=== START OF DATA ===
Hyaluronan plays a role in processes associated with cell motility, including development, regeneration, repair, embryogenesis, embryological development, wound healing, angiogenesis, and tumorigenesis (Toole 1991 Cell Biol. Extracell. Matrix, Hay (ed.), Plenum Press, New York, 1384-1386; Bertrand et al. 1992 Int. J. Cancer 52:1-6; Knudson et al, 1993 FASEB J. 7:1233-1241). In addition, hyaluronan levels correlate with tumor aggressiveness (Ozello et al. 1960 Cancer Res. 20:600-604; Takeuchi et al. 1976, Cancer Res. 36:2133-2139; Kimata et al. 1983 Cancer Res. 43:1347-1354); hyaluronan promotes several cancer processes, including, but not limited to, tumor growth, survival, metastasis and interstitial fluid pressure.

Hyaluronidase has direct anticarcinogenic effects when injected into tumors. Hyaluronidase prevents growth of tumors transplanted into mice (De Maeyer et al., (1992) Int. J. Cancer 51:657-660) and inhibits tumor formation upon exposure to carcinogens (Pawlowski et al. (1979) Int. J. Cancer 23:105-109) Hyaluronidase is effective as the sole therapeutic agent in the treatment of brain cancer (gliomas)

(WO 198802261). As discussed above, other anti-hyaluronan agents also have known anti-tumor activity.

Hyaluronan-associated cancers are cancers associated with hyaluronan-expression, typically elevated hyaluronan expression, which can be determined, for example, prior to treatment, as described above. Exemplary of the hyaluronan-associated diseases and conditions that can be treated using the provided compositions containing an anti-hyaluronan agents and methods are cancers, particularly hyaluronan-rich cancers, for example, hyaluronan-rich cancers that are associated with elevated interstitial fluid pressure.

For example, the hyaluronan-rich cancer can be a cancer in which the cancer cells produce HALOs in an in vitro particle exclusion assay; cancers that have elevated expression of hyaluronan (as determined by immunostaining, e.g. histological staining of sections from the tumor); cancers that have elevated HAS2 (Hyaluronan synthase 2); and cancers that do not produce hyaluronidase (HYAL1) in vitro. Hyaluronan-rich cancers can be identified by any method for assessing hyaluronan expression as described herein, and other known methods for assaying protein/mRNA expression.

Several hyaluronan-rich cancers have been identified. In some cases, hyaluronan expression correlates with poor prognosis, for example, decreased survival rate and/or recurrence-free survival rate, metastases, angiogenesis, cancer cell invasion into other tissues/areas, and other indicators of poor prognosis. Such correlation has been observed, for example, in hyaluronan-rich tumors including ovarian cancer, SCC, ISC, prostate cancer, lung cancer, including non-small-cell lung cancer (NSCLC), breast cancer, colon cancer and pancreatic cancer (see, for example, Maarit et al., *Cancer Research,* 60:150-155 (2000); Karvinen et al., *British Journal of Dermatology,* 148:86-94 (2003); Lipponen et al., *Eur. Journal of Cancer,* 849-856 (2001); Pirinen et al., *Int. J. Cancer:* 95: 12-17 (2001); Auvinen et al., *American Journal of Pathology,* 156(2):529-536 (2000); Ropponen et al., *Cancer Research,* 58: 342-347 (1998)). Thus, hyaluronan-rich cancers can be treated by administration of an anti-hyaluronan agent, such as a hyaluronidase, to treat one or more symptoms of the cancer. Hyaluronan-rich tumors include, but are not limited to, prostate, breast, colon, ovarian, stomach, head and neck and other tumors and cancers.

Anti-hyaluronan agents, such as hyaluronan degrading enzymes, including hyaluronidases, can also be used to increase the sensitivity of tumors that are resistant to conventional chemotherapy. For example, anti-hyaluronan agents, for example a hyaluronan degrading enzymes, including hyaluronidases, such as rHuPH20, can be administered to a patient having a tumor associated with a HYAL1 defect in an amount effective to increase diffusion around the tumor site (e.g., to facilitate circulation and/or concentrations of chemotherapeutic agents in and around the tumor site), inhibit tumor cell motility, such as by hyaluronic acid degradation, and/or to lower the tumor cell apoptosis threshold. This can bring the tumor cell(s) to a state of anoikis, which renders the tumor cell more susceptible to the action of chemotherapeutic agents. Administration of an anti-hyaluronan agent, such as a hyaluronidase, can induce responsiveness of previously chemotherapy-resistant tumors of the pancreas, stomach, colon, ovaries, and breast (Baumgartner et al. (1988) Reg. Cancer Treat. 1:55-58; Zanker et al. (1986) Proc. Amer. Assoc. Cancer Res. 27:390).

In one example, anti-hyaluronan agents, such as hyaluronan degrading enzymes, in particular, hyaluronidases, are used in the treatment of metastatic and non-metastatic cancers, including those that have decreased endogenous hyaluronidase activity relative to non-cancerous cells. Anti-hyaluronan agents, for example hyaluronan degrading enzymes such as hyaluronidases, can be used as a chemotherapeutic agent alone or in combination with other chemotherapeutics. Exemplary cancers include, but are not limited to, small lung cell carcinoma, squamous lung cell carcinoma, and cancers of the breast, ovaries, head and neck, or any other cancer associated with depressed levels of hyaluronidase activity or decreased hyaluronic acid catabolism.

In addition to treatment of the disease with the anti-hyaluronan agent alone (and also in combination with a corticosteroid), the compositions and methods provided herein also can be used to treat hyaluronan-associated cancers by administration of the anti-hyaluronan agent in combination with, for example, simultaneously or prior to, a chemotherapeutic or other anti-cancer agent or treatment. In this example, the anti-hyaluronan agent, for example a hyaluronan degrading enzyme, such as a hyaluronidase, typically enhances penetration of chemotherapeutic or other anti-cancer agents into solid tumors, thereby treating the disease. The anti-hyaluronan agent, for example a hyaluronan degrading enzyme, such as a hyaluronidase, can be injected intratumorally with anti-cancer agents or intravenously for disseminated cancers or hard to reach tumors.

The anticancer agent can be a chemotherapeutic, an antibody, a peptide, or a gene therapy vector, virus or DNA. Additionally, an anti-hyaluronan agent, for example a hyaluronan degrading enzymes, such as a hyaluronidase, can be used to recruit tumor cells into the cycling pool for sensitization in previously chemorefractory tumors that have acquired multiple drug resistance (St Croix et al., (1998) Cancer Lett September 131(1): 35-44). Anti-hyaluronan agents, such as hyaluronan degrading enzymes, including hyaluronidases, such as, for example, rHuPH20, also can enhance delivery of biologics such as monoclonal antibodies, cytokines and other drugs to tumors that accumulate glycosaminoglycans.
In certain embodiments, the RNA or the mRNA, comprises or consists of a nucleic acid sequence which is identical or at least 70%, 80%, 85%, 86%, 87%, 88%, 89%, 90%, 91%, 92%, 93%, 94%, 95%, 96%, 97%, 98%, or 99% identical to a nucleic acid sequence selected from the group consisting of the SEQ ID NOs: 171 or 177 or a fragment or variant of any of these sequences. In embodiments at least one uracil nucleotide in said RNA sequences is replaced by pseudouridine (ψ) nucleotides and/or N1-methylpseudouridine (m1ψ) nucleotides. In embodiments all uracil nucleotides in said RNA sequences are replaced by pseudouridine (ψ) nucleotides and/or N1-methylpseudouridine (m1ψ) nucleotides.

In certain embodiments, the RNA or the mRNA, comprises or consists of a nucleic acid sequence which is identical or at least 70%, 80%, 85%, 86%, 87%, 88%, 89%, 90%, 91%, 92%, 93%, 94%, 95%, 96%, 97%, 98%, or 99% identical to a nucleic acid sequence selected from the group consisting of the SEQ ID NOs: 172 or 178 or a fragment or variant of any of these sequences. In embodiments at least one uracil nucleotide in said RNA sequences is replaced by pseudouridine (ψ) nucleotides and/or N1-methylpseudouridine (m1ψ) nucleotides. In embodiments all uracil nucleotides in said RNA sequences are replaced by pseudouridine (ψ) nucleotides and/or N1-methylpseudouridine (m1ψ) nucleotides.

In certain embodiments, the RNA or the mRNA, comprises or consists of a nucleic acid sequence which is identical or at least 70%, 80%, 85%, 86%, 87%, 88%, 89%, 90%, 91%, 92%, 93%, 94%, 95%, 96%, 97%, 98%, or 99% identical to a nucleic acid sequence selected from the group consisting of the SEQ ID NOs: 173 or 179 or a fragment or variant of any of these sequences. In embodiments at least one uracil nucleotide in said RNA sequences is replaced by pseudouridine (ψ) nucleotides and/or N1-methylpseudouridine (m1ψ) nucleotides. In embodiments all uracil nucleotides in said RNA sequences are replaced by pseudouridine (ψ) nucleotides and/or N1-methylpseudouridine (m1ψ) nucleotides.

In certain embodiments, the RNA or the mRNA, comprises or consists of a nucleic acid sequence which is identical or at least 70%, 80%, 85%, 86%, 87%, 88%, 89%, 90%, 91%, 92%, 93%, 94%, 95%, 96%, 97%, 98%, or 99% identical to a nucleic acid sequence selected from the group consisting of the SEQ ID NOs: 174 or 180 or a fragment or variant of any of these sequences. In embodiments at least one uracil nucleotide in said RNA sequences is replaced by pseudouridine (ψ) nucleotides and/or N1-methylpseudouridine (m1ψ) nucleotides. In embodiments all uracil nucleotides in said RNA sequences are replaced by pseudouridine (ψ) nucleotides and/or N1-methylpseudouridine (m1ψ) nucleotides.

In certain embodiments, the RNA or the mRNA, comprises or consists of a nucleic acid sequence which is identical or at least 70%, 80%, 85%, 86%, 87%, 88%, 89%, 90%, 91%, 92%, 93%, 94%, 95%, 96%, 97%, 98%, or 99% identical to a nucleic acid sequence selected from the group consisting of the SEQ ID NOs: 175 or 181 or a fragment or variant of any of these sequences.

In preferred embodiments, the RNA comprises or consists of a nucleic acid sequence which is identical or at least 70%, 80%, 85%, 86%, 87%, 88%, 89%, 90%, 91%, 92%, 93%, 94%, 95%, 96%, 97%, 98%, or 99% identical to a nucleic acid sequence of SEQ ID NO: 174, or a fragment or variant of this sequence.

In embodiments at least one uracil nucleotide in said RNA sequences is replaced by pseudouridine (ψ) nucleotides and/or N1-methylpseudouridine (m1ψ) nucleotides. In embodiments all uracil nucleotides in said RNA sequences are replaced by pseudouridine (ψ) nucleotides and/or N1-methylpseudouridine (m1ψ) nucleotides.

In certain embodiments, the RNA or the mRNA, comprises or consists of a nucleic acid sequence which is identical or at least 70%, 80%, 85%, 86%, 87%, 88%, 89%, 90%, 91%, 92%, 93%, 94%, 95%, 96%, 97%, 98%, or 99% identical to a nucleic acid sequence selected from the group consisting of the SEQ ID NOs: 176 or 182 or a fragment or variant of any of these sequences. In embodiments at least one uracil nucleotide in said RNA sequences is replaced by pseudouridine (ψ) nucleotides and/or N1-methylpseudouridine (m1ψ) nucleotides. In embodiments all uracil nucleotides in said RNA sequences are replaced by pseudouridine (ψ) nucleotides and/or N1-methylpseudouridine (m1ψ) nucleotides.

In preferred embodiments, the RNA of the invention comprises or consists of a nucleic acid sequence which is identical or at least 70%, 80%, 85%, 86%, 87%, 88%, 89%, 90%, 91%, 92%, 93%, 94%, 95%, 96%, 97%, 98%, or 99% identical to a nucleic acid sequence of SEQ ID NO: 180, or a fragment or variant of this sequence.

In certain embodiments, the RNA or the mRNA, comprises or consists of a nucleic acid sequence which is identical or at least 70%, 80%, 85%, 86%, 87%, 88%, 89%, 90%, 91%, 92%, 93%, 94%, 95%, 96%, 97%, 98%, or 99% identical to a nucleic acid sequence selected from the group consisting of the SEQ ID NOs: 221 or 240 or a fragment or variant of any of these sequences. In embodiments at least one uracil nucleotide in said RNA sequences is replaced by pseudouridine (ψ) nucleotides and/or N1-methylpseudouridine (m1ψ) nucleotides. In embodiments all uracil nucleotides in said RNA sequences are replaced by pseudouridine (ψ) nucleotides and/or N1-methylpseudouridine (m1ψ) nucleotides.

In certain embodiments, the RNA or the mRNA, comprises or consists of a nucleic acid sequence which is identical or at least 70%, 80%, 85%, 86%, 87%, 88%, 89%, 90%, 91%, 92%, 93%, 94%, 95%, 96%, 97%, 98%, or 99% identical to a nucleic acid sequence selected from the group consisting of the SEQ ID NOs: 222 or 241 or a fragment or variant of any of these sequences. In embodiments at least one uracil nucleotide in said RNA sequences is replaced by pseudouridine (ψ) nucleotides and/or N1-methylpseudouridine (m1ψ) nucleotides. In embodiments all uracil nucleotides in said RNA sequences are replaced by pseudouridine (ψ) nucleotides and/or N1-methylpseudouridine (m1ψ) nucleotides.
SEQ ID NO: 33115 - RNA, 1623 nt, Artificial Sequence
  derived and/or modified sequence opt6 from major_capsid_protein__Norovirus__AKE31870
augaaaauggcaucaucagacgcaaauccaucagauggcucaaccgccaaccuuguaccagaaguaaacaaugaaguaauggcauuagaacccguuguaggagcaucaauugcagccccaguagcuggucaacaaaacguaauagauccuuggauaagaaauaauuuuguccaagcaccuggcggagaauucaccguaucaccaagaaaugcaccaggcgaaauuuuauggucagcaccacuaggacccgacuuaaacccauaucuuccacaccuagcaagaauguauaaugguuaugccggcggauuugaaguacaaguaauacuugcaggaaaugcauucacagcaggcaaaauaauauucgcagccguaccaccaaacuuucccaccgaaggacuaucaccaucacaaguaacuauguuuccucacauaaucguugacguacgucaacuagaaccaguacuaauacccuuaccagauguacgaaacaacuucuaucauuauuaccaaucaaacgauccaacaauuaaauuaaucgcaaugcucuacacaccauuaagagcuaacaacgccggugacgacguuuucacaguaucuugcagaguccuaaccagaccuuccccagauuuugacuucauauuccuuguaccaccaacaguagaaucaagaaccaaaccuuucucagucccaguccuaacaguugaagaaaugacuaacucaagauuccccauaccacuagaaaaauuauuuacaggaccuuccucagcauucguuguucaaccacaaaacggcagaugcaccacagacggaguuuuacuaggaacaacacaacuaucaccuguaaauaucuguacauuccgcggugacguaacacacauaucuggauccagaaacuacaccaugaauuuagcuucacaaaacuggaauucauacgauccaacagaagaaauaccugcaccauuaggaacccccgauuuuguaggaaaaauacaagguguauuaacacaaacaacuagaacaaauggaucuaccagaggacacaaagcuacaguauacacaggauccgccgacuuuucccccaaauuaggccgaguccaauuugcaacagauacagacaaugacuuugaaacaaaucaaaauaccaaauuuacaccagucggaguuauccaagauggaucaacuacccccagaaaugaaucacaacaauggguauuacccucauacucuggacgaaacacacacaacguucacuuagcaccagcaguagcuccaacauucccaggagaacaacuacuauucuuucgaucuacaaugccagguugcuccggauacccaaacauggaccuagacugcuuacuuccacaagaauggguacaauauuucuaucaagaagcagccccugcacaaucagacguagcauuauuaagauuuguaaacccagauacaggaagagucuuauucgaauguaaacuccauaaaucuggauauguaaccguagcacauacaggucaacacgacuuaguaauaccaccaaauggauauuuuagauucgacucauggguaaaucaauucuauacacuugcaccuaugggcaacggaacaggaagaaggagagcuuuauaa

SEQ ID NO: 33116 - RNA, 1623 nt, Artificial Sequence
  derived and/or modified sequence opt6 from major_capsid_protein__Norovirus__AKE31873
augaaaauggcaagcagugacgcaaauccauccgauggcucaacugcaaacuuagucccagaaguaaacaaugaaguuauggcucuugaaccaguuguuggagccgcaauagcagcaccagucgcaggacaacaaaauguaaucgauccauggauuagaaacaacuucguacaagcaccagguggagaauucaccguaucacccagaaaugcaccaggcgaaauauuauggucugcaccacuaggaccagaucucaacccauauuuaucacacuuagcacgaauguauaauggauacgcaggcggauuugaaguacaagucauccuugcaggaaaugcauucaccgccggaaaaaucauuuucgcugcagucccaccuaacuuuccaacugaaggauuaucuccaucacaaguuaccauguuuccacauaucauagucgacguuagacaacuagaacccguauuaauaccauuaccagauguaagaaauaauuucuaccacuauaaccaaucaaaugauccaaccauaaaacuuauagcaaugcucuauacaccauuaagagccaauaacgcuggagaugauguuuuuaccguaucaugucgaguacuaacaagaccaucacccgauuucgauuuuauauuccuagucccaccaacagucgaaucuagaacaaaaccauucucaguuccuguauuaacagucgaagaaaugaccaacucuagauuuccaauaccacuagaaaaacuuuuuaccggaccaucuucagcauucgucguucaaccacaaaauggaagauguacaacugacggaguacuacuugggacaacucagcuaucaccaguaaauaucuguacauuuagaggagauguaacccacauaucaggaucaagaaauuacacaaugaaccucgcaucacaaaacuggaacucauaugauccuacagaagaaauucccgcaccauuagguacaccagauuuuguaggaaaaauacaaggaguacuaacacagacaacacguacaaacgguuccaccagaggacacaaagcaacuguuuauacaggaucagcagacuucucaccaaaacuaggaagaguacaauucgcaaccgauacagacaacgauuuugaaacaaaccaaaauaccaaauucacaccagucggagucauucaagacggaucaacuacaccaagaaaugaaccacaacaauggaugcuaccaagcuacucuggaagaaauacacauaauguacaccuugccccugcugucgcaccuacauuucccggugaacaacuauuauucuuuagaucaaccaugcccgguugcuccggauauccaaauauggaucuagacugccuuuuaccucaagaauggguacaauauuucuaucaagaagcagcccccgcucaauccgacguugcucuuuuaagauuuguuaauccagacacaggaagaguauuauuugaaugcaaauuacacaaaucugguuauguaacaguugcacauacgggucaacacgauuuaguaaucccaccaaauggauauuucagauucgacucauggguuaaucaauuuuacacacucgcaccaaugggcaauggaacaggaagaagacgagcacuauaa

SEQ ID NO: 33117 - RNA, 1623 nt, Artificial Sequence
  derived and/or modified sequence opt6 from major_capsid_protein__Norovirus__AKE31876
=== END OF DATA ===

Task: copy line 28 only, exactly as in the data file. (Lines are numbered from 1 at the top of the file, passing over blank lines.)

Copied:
SEQ ID NO: 33117 - RNA, 1623 nt, Artificial Sequence